Looking at ways to connect the Showrooming in-store with shopping online is also an opportunity. By mirroring the organization, product selection, and even the presentation of products, albeit with a realistic view of the differences of online versus in-store shopping behavior, the retailer can help the consumer see this as part of the "commercial conversation," rather than as a multi-channel series of choices and steps. Today the consumer is much more engaged in a dialogue than they are in navigating a series of channels. After all, one only has to watch the customer walk into the store with their smart phone in hand, while waving their phone at you and asking, "Where is this?" This illustrates how seamless this "conversation" between retailer and consumer is becoming. By focusing on the seamlessness, it particularly indicates that the independent retailer, who is most likely less interested and equipped to create a robust ecommerce business, is much more equipped and likely to benefit from "commercial conversation" than a multichannel experience.
Much of this is about finding unique and interesting ideas to awaken the customer to the idea that the independent is fully capable of engaging in this conversation. Sometimes this needs to be done in a more "guerilla" effect-low-tech, high touch as a few of these examples suggest.
Note the parked bike out front could just as easily be inviting me to visit the website as the store. Post a series of consumer comments in the window about how the customer found this item online, how the store brought together customization with the purchased product, or even how a friend might have responded to the product; all with the info added that the store helped find, wrap and send to a cross-country "bestie," with the friend's thrilling response about receiving it. Today, for many consumers the independent role in this "commercial conversation" is unfortunately out of sight and out of mind. Finding a way to raise the ability of the independent retailer, albeit different from the Amazons or big box retailers of the world, is part of your battle.
Guest Post from giftsanddec.com The article features work done by our friend, Ken Nisch, Founder of JGA Design in Michigan.
A few years ago, the IT industry coined the term BYOD. This was to explain the phenomenon facing companies where employees bring their own devices into work to use at work versus having to pay for devices for each employee. For example, for years companies supplied cell phones to their employees, but the employees could be their own device (which they loved) that could do everything they needed for work and the company could save the money on buying phones for them. Now with this practice, there are many security issues since these employees access company info on these devices. Thus, the all the excitement around BYOD.
But how does this impact retail? While not the exact same way, the impact of smartphones and their app-based technology will impact retail in HUGE ways. Here are just a few trends you should watch for.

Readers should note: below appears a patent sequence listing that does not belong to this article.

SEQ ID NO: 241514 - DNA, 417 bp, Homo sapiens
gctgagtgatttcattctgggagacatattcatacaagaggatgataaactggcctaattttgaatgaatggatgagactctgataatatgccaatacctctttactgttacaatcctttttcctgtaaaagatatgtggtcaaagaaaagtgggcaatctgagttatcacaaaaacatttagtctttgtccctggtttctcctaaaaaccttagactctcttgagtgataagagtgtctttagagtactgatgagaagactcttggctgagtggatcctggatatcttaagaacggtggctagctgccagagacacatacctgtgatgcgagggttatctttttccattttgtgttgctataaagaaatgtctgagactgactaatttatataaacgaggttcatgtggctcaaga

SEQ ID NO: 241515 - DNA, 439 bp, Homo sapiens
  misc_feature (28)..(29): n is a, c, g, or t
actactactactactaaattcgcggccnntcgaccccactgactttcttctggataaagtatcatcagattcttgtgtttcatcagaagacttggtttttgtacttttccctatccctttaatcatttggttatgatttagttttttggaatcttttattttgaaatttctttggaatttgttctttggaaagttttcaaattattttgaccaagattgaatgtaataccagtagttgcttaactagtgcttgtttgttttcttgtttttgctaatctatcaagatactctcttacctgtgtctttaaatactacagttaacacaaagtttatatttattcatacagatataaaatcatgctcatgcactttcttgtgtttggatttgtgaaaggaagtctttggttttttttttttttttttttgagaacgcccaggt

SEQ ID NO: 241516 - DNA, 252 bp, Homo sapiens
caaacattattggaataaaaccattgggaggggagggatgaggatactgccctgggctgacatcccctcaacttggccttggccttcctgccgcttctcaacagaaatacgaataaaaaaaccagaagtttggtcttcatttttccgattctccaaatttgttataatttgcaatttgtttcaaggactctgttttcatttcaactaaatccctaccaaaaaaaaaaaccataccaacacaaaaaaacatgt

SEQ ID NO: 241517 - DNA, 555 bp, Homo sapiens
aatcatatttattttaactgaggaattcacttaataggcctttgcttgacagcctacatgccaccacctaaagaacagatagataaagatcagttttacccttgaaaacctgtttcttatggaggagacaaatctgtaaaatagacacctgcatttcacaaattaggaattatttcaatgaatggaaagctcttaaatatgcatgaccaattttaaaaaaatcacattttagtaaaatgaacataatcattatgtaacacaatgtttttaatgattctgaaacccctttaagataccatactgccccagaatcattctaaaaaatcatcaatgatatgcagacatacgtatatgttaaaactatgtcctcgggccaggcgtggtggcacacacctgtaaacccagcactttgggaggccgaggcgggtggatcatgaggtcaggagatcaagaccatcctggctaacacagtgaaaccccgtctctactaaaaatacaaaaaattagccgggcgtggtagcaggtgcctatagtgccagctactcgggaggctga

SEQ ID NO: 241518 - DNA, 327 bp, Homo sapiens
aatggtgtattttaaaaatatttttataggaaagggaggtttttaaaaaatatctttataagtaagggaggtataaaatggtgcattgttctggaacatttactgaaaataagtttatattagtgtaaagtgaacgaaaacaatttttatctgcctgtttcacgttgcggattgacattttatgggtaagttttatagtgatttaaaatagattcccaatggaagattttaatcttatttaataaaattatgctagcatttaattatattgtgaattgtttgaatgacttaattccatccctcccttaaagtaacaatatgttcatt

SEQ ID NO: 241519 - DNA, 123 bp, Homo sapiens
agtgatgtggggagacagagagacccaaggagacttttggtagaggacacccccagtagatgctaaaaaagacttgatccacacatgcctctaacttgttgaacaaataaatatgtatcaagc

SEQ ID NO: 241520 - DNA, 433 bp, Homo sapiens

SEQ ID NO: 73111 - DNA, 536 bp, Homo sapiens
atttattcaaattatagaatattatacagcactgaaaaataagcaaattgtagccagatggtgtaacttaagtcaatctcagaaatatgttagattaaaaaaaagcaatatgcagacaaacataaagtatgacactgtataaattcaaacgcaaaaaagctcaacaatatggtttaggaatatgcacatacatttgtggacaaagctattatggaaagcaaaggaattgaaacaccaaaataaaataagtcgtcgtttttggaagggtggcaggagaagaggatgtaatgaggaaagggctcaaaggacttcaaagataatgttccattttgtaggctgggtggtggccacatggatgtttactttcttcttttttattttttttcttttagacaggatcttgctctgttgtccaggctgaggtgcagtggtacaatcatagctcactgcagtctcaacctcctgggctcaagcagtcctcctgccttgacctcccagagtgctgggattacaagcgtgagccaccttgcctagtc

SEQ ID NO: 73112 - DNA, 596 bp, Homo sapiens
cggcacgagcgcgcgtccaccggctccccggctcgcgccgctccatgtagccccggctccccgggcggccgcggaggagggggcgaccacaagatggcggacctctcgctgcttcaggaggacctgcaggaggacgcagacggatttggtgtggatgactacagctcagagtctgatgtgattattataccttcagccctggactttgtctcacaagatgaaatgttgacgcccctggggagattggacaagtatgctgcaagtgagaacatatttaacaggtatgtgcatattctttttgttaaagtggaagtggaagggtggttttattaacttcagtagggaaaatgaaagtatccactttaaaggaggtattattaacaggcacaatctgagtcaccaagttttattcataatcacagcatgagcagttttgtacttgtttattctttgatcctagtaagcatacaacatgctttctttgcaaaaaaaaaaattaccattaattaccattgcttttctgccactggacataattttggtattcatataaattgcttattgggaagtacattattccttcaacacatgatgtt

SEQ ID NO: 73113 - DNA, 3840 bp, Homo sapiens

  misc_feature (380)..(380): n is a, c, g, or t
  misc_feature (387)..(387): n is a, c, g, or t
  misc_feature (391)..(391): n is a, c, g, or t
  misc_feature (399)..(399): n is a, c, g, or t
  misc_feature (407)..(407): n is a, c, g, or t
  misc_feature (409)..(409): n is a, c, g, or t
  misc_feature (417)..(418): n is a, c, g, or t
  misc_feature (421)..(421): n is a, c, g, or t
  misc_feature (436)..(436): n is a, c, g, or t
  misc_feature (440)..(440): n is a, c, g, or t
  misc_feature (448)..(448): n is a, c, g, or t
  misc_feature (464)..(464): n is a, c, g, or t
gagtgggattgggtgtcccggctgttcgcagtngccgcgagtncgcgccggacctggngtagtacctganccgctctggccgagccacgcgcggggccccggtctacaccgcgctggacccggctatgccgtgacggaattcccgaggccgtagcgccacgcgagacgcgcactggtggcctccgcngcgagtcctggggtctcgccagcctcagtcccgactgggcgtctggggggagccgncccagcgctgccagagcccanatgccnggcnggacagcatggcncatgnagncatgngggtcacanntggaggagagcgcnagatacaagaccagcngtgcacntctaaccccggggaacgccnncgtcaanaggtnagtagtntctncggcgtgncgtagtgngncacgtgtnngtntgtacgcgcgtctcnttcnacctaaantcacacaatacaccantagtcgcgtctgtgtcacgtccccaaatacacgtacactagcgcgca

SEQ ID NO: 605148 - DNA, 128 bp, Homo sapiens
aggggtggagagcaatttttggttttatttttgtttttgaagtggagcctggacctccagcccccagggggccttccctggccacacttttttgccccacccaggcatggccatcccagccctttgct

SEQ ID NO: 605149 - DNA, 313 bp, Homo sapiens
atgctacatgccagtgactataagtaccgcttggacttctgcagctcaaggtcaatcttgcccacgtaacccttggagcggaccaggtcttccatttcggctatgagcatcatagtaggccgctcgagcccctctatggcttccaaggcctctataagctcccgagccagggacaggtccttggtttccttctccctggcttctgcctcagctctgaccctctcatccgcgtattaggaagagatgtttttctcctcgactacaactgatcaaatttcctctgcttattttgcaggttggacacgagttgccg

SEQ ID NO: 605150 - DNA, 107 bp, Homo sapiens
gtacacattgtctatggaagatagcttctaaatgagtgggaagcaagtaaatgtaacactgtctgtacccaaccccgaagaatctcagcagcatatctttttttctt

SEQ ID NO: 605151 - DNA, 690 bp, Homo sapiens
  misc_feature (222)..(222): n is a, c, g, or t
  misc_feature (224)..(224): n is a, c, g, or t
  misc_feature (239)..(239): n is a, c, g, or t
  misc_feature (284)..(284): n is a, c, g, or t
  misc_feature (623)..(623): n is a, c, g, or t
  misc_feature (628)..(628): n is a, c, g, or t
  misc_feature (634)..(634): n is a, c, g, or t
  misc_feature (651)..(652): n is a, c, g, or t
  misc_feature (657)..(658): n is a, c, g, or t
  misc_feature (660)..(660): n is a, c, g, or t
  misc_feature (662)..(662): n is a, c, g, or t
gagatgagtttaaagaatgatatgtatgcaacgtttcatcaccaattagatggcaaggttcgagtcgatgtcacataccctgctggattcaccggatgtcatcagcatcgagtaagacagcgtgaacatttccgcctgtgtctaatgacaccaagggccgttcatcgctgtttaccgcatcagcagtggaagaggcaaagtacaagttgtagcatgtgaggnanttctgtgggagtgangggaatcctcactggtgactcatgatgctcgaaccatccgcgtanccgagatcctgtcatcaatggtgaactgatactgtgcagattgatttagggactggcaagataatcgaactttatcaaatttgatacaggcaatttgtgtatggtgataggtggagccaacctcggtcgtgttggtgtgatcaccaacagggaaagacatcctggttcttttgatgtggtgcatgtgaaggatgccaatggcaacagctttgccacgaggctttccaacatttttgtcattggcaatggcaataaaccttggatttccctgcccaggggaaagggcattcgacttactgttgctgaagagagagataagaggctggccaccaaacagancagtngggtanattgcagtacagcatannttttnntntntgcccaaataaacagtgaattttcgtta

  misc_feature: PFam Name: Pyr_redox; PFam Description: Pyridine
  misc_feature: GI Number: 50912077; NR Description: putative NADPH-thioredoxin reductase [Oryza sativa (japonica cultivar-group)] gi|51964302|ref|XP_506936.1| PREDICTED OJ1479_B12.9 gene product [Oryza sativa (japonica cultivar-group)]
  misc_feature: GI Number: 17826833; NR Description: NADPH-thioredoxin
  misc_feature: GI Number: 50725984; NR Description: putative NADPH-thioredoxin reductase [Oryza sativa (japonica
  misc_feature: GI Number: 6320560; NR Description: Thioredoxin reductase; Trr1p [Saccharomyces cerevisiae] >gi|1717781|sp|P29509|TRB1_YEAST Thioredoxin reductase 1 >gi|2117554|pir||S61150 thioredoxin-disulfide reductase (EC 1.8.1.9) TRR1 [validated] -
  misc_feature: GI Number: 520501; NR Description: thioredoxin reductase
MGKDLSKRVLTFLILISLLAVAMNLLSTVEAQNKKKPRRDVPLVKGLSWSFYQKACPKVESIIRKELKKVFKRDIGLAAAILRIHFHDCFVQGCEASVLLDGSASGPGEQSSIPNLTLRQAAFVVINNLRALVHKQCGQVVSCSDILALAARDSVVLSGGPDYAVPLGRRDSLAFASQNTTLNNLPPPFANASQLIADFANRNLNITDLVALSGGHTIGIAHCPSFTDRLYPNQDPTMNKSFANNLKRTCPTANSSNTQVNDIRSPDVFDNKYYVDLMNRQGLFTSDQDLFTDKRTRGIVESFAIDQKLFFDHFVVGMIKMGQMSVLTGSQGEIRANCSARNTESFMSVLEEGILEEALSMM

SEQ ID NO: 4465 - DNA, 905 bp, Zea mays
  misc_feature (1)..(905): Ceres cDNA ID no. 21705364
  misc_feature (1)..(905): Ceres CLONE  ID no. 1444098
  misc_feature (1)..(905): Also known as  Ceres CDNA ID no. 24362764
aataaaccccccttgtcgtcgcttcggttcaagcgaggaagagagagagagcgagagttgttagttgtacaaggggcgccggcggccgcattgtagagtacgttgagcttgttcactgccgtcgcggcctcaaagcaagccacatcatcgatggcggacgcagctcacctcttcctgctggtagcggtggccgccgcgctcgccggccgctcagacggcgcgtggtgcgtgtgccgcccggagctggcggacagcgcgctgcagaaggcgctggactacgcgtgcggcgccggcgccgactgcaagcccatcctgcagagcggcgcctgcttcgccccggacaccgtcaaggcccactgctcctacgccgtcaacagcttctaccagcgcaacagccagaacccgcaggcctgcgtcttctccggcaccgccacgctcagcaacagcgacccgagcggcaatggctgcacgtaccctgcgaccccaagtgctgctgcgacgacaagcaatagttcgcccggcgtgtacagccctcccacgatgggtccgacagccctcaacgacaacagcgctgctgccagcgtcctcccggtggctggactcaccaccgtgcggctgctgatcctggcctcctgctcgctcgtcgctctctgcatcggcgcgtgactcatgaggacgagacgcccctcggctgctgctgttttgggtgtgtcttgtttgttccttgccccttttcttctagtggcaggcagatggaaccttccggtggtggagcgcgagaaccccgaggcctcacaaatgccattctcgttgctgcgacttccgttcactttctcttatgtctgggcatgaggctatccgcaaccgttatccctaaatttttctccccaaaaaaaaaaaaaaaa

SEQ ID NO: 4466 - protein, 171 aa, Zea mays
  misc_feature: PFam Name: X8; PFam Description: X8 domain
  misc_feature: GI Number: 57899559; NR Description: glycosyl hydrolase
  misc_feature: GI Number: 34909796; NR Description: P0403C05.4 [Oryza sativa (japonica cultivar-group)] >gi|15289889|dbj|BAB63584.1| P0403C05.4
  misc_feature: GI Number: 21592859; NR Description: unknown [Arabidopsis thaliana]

1. PYOD. Think about it. There are already several apps that allow you to pay from your mobile device. I use my Square app at the local food truck all the time. This is not new, but what are the implications? First, retailers are going to have to learn how to integrate this ability into their POS system. There are several advantages for the Customer. First, we like to have all of the Customer info in our system to track their purchases. How many times has that let you down at a store? You lost your receipt and the store has no record either. Imagine being able to act as your own POS system where all of your transactions are stored in your cloud from your device versus being kept somewhere else. You have all the access and all the security.
Yes, security. In late 2013, Target was a victim of security breech that gave out millions of Customers personal information. Whenever an event like this happens, it causes Customers to stop wanting to give us their info. If they can pay from their device, then they have an extra layer of security for them. It’s coming, bet on it.
2. Digital Signage. In our book, Signs Sell, we talked about the use of a mobile device as a digital sign. It’s an awesome idea. A Customer can see a video about your products right on their phone. They simply scan a QR code (or in the future use RF) and they can learn about the key features and benefits of the product.
Or set the phone to receive messages and you will get an alert every time you get in the vicinity of an available video.
3. E-Learning. When we were creating our online learning platform, one of the key criteria was that you could view the content from any size screen. A common “barrier” we heard from retailers was that they could not do online or e-learning in the store because their PC was also their POS. I understand that, the same was true for my stores. But, every employee has a smartphone or tablet (most likely) and suddenly you can do online learning. They can use their own device to take the course.
We are also going to see e-learning companies start to sue social media applications to deliver their training as well. There is a lot of talk about “short attention spans” and therefore a 5-minute Vine might do a better job of training on the future. Again, this will require the employee to use their mobile device. (Side Note: We could not disagree more with this trend. It violates every adult learning principle and the “change in behavior” that is required for training to be effective will be dramatically affected by this trend.)